Tap Recital

Von Ebert Brewing

Three lauded breweries—Von Ebert (formerly Fat Head’s), Rogue, and BridgePort—have recently upped their games.

“We only shut down for eight days,” says Tom Cook, referring to the time span between the closing of Fat Head’s Brewing and the opening of its already much-acclaimed successor, Von Ebert Brewing (131 NW 13th Ave, 503-820-7721, vonebertbrewing.com). “They were some of the most stressful and yet rewarding eight days of my life, and we all worked hard for two-and-a-half months to prepare,” he adds, noting that he retained the entire staff throughout the busy process. Cook, the new brewery and pub’s owner, sounds at once astonished and gratified—and justly proud of this new venture that opened March 26.

He explains that his parting ways with Fat Head’s, which is focused primarily on its operations in Ohio and Pennsylvania, was amicable. At Von Ebert, which is named for his beloved great-grandmother and family matriarch, Cook has embraced an ambitious new brewing program.

“We’re trying to become a world-class, all-around brewery. We don’t want to be good at just one or two or even three styles.”

Von Ebert retains an airy, industrial vibe and doesn’t appear particularly different upon first glance. It’s when you pick up a fork and knife that you’ll immediately notice a key improvement. “I’m proud of the whole place but especially the new menu,” says Cook, who held an informal food competition among members of his management team in order to come up with the best culinary offerings.

Star food items include a superb charcuterie and cheese board highlighted by Spanish chorizo and Purple Haze goat cheese, and a pork belly Cubano sandwich, which Cook describes as “pretty awesome. We slice it lengthways, with the meat and cheese sticking out of the ciabatta bread.” He’s also a big fan of the mac and cheese bowl, which is prepared fresh to order and contains a house-made cheese sauce and a Parmesan-panko crust.

But what really has fans talking is that Cook has doubled down on Von Ebert’s brewing mission. He hired Sean Burke and Sam Pecoraro—both alumni of the former Commons Brewery—to oversee the beer making both in the Pearl and at the new East Side location at Glendoveer Golf Course. And he’s unveiled a plan for Von Ebert to release 100 different beers annually. “It’s really not as ambitious as it sounds,” says Cook, with genuine modesty. “We’re trying to become a world-class, all-around brewery. We don’t want to be good at just one or two or even three styles.”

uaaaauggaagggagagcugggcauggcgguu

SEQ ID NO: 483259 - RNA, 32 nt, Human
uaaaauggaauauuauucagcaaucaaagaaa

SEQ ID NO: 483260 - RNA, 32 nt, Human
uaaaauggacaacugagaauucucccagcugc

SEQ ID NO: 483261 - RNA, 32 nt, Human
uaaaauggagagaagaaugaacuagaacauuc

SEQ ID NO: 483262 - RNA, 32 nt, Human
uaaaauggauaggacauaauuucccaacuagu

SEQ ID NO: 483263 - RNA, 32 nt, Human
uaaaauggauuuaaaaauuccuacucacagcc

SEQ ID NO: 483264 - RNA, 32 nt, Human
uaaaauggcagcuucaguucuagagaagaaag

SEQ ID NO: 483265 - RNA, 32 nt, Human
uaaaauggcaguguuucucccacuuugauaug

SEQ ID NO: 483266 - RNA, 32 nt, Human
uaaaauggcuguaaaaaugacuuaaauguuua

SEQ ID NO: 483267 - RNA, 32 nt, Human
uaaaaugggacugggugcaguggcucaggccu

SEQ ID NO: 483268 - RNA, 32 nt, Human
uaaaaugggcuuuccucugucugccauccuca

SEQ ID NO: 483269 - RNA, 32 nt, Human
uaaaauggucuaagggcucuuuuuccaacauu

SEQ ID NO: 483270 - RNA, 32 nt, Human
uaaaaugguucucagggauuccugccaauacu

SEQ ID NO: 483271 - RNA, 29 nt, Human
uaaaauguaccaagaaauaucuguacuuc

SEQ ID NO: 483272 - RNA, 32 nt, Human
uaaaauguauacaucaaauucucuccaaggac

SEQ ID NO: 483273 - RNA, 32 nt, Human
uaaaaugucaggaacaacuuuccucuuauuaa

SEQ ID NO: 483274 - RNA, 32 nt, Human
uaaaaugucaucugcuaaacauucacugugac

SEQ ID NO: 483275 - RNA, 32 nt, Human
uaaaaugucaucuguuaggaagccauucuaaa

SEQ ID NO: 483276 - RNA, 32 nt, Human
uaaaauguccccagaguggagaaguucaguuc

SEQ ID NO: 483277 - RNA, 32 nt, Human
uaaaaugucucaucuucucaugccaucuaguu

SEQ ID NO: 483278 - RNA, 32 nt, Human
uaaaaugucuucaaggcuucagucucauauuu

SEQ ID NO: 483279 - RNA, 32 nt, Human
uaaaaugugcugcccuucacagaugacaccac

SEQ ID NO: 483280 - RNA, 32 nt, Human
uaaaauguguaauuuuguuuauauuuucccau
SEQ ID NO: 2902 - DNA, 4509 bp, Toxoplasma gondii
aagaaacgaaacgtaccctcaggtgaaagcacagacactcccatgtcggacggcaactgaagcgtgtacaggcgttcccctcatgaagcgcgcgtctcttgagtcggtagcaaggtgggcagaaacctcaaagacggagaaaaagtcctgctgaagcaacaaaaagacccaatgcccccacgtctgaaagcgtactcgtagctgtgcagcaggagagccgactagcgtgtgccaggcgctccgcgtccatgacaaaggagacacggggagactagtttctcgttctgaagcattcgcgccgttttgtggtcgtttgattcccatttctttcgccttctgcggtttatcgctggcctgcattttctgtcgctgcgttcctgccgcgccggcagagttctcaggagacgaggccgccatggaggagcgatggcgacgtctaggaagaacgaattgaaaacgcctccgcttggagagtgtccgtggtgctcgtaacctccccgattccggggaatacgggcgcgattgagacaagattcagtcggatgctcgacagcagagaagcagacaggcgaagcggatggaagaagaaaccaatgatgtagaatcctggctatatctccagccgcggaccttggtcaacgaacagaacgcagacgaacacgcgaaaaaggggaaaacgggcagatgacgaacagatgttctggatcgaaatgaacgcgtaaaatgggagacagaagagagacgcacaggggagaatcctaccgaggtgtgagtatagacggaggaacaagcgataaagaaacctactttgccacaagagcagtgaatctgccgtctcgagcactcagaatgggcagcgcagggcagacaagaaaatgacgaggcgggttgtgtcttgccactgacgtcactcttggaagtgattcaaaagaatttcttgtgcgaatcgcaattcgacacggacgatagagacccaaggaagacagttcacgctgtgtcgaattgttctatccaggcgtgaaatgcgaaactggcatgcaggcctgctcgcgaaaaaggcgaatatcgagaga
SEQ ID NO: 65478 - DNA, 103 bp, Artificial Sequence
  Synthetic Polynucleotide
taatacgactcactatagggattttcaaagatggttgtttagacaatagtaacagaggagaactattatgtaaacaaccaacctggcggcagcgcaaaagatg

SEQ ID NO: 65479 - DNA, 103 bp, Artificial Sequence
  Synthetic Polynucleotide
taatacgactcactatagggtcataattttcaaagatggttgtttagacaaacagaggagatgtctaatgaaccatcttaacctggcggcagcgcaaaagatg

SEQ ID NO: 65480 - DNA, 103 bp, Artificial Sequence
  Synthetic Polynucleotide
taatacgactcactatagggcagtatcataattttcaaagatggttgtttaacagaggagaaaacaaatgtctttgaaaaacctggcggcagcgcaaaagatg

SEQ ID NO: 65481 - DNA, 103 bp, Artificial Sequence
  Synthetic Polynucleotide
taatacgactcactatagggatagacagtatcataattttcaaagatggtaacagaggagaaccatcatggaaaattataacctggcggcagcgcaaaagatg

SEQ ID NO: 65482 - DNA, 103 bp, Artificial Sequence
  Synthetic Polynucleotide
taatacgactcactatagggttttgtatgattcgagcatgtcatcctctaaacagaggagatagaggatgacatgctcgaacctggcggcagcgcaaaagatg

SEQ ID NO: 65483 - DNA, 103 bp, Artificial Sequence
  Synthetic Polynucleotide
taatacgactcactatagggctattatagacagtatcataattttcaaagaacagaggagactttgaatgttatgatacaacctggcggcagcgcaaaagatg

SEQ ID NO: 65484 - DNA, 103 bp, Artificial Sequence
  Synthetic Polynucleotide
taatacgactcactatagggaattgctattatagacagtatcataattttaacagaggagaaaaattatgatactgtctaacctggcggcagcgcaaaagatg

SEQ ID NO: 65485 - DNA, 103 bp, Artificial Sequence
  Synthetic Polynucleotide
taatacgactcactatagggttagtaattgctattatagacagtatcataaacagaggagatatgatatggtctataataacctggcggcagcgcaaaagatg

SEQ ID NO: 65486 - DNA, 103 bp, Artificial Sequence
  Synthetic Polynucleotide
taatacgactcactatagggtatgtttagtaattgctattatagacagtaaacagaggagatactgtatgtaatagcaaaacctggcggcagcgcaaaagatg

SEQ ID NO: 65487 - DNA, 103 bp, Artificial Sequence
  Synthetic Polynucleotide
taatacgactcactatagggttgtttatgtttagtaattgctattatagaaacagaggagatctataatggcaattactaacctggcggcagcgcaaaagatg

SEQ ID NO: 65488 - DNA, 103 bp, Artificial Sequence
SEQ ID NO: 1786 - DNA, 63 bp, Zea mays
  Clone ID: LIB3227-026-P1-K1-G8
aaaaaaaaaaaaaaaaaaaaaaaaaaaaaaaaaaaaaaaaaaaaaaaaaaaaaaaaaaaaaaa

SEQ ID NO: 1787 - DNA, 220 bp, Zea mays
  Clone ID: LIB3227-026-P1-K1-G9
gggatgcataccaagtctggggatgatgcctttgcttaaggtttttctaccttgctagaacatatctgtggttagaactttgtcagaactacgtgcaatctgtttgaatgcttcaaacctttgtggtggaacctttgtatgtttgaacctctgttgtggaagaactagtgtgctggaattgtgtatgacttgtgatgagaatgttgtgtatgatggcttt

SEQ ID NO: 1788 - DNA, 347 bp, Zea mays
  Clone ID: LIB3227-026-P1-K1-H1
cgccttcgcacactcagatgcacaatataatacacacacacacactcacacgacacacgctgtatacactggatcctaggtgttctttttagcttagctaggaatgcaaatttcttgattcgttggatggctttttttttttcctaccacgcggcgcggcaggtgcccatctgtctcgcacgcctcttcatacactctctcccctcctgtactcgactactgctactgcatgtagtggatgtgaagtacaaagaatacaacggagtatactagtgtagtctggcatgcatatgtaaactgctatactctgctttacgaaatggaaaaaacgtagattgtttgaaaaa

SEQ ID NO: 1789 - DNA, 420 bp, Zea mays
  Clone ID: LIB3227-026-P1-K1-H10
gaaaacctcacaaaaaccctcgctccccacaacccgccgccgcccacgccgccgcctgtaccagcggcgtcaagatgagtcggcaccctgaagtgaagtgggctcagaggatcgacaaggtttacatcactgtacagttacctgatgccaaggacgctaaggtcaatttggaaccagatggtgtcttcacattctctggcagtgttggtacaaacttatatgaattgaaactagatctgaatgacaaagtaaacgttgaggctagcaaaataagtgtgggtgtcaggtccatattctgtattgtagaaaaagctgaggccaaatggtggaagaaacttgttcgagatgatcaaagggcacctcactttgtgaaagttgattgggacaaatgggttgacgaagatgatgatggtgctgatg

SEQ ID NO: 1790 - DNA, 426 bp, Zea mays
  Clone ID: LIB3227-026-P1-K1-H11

In an effort to avoid being pigeon-holed, Cook plans a constantly changing tap rotation but will likely always offer a few fan favorites, such as hazy and New England–style IPAs, both increasingly en vogue. “Another trend is demand for German-style pilsner, and German lagers in general,” he adds. “That’s a style I think we’ll always have available.”

Rogue Pearl Public House

A couple blocks away, after 18 years as a brewing powerhouse in the neighborhood, Rogue Pearl Public House (1339 NW Flanders St, 503-222-5910, rogue.com) completed a dramatic remodel in early April. “One big thing we incorporated into the design is more taps,” says Lisa Johnson, pub marketing manager. “We added 7, for a total of 42, so that we could still feature our legends but also all of our new styles, including the really super-small-batch stuff that our brewmaster is always messing around with.”

The dining space now has a sleeker, less-cluttered look with blond-wood tables and Edison-bulb lighting. Rogue has also hired a new executive chef to overhaul the menus at all of its pubs. “We kept a lot of our favorites—the pizza and hazelnut-cranberry salad,” she says. “But we’ve added some great new dishes, from dirty sweet potato fries to honey kolsch–braised pork belly lettuce wraps with Korean barbecue sauce.”

Bridgeport Brewpub Pearl Portland

Venerable BridgePort Brewing (1313 NW Marshall St, 503-241-3612, bridgeportbrew.com) has also made impressive new changes, building a gorgeous new downstairs bar with reclaimed wood and brushed-zinc accents, and unveiling a new pilot brewery responsible for developing new beer recipes. “The goal is for guests to see our new bar when they first walk through the door and belly up to it for a couple beers,” says Dave Pendleton, BridgePort’s general manager. “And we want our beer list to fluctuate more quickly, so there’s something new to try on subsequent visits.”

To this end, BridgePort has already released a Mexican-style lager, hefeweizen, and Belgian blond—all styles they’d not been able to create prior to building their new pilot brewery.

By Andrew Collins | Photos from top: by Paul Wagtouicz; by Paolo Ferraris